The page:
The all-night bar crawl has been a part of Manhattan nightlife for probably as long as the city has existed. With thousands of watering holes crammed onto such a narrow island, the best way to experience the city is to keep moving. But what if you added the ability of time travel? What if you could hop to another year as easily as hopping to the next bar?
This the ultimate Manhattan bar-crawl for time travelers.
In order to avoid unwanted attention, it is vital to wear outfits appropriate to many eras. Perhaps something understated and black? This is Manhattan, after all; people have always been wearing black.
Also remember to bring currency from all eras in separate wallets. No credit cards, just cash. And for god’s sake; don’t pull out your iPhone. (This should be a rule in today’s bars as well)
1. The Algonquin Hotel, 1922 - 6:00pm
59 W 44th St
Kick the night off at the Algonquin Hotel in 1922 where you can catch the tail-end of one of the infamous meetings of the Vicious Circle, aka the Algonquin Round Table. Have a dry martini with Dorothy Parker, Robert Benchley, and other great wits of the day. Try not to be too sensitive as you are verbally shred to pieces with their barbed tounges and devilish wisecracks. If you’re lucky you might meet Harpo Marx.
2. The Fraunces Tavern, 1783 - 7:30pm
54 Pearl St.
When the barbs at the Algonquin get too cutting, head downtown to one of Manhattan’s oldest bars, the Fraunces Tavern on December 4, 1783 for some comraderie. It’s the night after defeated British troops finally left Manhattan and General George Washington himself is hosting a feast of ale and turtle soup (mmmm). It might be hard to communicate with these dudes since you are 230 years in the past, so keep the chat basic. Also, it’s a total sausage fest because women aren’t allowed. Let’s split.
3. The White Horse Tavern, 1953 - 9:00pm
567 Hudson St.
Next, catch a taxi over to the White Horse Tavern in 1953. If you’re there on just the right night you might see both Jack Kerouac and Dylan Thomas. Buy those guys a drink and let them talk your ear off for a bit. Sure, you probably shouldn’t be encouraging their deadly alcoholism, but we’re not here to correct history. Just make sure you’re not there the night Thomas literally drinks himself to death (November 9th)
4. The Cotton Club, 1935 - 10:00pm
644 Lenox Avenue, at West 142nd Street
Enough talking, let’s have some music. “Take the A Train” all the way up to Harlem and hit up the Cotton Club in its prime. Depending on the night, you will catch an amazing all-star performance of either Duke Ellington, Cab Calloway, Lena Horne, Ella Fitzgerald or Coleman Hawkins.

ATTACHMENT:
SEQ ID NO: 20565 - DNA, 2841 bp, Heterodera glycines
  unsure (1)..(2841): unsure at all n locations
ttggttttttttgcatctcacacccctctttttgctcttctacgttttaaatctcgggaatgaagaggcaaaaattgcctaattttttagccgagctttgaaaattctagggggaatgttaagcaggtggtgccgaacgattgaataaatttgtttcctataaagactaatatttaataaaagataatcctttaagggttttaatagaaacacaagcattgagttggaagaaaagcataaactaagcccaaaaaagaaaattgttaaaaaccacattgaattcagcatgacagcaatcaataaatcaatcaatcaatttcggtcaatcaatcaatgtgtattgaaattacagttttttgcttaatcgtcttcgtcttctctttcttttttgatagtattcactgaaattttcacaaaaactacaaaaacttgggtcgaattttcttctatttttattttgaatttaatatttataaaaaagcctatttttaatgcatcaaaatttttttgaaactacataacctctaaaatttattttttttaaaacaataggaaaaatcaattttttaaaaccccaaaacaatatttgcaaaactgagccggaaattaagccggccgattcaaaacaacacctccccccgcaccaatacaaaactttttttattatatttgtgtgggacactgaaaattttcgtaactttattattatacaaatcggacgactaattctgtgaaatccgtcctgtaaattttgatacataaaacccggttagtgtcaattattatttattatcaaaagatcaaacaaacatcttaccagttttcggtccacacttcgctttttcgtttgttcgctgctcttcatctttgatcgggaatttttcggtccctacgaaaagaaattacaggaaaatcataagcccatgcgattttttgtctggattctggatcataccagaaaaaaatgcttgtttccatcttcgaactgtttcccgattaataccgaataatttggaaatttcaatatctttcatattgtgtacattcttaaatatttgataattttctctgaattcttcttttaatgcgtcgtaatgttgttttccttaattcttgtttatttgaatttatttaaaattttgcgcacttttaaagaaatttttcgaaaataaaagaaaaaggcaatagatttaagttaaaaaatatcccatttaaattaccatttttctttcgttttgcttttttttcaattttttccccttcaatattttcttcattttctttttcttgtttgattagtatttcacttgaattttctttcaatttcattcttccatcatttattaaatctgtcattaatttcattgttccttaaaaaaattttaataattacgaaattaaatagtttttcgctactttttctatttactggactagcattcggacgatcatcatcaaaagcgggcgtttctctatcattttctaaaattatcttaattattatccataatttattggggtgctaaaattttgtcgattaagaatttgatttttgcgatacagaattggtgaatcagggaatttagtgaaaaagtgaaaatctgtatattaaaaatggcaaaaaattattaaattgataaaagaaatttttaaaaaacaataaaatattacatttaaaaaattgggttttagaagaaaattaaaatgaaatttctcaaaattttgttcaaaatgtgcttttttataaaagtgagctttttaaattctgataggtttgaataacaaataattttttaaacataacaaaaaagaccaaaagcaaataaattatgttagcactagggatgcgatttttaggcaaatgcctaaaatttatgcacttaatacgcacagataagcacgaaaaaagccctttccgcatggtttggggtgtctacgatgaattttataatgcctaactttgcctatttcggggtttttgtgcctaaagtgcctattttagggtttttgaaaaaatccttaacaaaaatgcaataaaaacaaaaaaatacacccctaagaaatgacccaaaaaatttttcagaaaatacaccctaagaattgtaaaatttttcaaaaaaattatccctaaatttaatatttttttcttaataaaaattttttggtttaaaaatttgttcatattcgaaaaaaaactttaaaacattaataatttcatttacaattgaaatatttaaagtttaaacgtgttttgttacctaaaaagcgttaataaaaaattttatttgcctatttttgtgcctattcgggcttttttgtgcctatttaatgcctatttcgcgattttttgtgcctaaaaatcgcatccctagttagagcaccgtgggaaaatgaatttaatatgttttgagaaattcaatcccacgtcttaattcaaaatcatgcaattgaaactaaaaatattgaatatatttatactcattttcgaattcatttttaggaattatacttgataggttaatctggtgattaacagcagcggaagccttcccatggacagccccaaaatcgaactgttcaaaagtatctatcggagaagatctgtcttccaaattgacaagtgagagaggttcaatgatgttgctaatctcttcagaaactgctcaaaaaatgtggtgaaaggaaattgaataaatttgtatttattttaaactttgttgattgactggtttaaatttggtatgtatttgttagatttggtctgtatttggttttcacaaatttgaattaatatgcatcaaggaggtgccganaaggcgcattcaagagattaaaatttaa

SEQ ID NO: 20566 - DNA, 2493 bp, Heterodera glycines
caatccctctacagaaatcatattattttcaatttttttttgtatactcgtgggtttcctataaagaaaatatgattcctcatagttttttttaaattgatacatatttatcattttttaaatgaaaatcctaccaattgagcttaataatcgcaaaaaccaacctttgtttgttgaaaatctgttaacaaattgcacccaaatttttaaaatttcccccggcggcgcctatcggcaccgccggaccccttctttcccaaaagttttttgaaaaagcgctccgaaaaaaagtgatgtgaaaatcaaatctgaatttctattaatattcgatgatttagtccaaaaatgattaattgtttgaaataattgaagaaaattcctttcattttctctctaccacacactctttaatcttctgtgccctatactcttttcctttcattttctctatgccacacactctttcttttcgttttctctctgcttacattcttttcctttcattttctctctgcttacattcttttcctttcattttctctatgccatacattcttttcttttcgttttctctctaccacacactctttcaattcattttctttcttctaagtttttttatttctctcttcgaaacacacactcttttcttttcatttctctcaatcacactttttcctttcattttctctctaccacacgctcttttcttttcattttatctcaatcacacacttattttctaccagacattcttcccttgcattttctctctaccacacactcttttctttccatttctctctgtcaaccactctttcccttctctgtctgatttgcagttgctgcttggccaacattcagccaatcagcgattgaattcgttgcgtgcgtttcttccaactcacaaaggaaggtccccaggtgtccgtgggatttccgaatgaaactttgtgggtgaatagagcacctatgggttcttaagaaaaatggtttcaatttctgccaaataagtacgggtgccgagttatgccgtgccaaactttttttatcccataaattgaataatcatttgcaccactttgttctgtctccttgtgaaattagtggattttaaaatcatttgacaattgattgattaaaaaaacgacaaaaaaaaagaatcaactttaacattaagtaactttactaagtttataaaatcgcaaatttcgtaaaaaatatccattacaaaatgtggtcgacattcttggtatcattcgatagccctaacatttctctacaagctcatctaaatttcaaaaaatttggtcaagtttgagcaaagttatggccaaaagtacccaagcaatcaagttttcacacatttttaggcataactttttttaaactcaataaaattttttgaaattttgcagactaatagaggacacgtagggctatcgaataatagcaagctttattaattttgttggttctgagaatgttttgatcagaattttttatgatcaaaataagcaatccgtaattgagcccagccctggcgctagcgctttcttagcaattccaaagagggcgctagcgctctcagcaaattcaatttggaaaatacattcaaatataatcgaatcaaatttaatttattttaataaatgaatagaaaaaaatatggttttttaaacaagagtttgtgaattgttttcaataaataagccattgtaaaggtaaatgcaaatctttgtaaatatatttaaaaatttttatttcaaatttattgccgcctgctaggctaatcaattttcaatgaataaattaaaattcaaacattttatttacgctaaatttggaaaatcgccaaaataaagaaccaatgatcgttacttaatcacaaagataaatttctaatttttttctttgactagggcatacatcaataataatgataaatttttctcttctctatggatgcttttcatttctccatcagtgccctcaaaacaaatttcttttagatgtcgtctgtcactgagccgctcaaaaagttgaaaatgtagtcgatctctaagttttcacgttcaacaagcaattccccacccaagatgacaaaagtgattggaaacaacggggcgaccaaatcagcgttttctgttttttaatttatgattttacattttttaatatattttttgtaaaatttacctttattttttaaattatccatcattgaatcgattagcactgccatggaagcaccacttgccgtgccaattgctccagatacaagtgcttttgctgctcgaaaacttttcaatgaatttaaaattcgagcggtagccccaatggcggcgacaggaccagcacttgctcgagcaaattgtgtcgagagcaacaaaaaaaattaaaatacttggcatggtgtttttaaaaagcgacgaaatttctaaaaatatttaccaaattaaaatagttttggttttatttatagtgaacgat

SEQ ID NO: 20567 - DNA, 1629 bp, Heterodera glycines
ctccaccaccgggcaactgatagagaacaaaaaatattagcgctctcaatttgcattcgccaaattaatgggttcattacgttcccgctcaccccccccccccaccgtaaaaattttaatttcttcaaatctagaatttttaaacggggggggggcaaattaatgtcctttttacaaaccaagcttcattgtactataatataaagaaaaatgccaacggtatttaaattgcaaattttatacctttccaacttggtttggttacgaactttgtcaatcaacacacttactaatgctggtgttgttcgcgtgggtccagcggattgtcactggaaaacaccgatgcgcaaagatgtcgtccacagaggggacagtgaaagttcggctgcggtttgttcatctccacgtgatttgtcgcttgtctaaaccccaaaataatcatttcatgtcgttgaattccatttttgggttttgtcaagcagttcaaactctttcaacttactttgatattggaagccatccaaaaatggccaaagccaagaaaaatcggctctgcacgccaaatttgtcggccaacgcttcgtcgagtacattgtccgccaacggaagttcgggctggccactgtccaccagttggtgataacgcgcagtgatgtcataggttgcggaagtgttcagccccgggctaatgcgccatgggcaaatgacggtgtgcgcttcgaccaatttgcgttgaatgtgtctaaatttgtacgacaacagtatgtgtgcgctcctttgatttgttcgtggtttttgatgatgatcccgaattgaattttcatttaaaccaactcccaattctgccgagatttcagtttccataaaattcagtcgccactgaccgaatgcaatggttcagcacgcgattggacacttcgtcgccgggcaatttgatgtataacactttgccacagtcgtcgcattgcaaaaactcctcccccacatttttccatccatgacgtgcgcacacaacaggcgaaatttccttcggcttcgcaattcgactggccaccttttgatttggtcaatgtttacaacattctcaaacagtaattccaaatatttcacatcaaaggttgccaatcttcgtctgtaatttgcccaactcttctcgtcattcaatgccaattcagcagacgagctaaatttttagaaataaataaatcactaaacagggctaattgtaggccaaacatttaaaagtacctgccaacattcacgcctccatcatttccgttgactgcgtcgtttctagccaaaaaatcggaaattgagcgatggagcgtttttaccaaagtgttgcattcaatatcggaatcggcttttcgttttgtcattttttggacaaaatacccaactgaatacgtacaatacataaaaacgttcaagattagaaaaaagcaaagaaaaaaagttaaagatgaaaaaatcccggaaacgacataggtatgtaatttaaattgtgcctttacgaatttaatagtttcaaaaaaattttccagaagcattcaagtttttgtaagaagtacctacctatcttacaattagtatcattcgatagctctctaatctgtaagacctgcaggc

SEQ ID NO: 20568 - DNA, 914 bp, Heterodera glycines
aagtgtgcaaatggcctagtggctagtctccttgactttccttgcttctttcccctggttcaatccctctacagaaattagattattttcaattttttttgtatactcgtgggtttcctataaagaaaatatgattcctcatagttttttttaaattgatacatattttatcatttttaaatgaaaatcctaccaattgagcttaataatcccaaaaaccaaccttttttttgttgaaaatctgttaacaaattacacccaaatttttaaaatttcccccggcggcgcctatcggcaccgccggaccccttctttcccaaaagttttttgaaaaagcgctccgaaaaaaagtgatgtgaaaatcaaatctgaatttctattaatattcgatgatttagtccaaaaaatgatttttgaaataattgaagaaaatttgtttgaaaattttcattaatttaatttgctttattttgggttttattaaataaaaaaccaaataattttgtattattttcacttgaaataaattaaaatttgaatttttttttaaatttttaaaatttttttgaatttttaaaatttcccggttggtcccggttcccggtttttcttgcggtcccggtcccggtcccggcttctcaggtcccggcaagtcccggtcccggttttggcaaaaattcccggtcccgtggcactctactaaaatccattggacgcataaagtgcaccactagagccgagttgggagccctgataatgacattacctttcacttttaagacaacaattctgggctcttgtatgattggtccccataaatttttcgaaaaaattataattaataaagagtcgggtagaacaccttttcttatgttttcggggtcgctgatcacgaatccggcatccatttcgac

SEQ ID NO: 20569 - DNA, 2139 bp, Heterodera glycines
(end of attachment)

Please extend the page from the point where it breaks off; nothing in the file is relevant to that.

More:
5. Studio 54, 1977 - midnight
254 W 54th St
Ugh. Nevermind. Waiting behind a velvet rope sucks in any era.
6. CBGB, 1977 - 1:30am
Jump in a taxi and head back down to the Bowery to see whoever’s playing at CBGB’s. We always hear about the Ramones, Blondie, The Talking Heads, The Dead Boys, etc… but no one mentions all the awesomely sucky punk acts that never went anywhere. Be prepared for that as well.
7. The East River, 15,000 B.C. - 3:00am
After all those loud, crowded places, you will be sweaty and in need of a peaceful moment. Transport yourself to a summer night before any human ever stepped onto Manhattan island and take a dip in the East River, as pristine as a river could ever be. Look up at a night sky untouched by a single electric lightbulb or airplane. Ponder how this virgin forest island will eventually become a concrete metropolis housing millions of souls and then head back to the future to see it again.
You now have a choice on where to end the night…
8. The Limelight, 1991 - 4:00am
West 20th Street
Either head to the Limelight nightclub in 1991 where a notorious Ecstasy-fueled dance party is just getting warmed up…
or Veselka, 1954-2014 - 4:00am
144 2nd Ave
This Ukrainian diner has been the last stop on all-nighters since 1954. It’s known for its 24-hour schedule and delicious, delicious borscht.
Here’s a handy map for your night on the town. Keep in mind that certain time-saving roads such as the FDR drive and the West Side Highway haven’t always existed. Also remember that the subway wasn’t in service until 1904.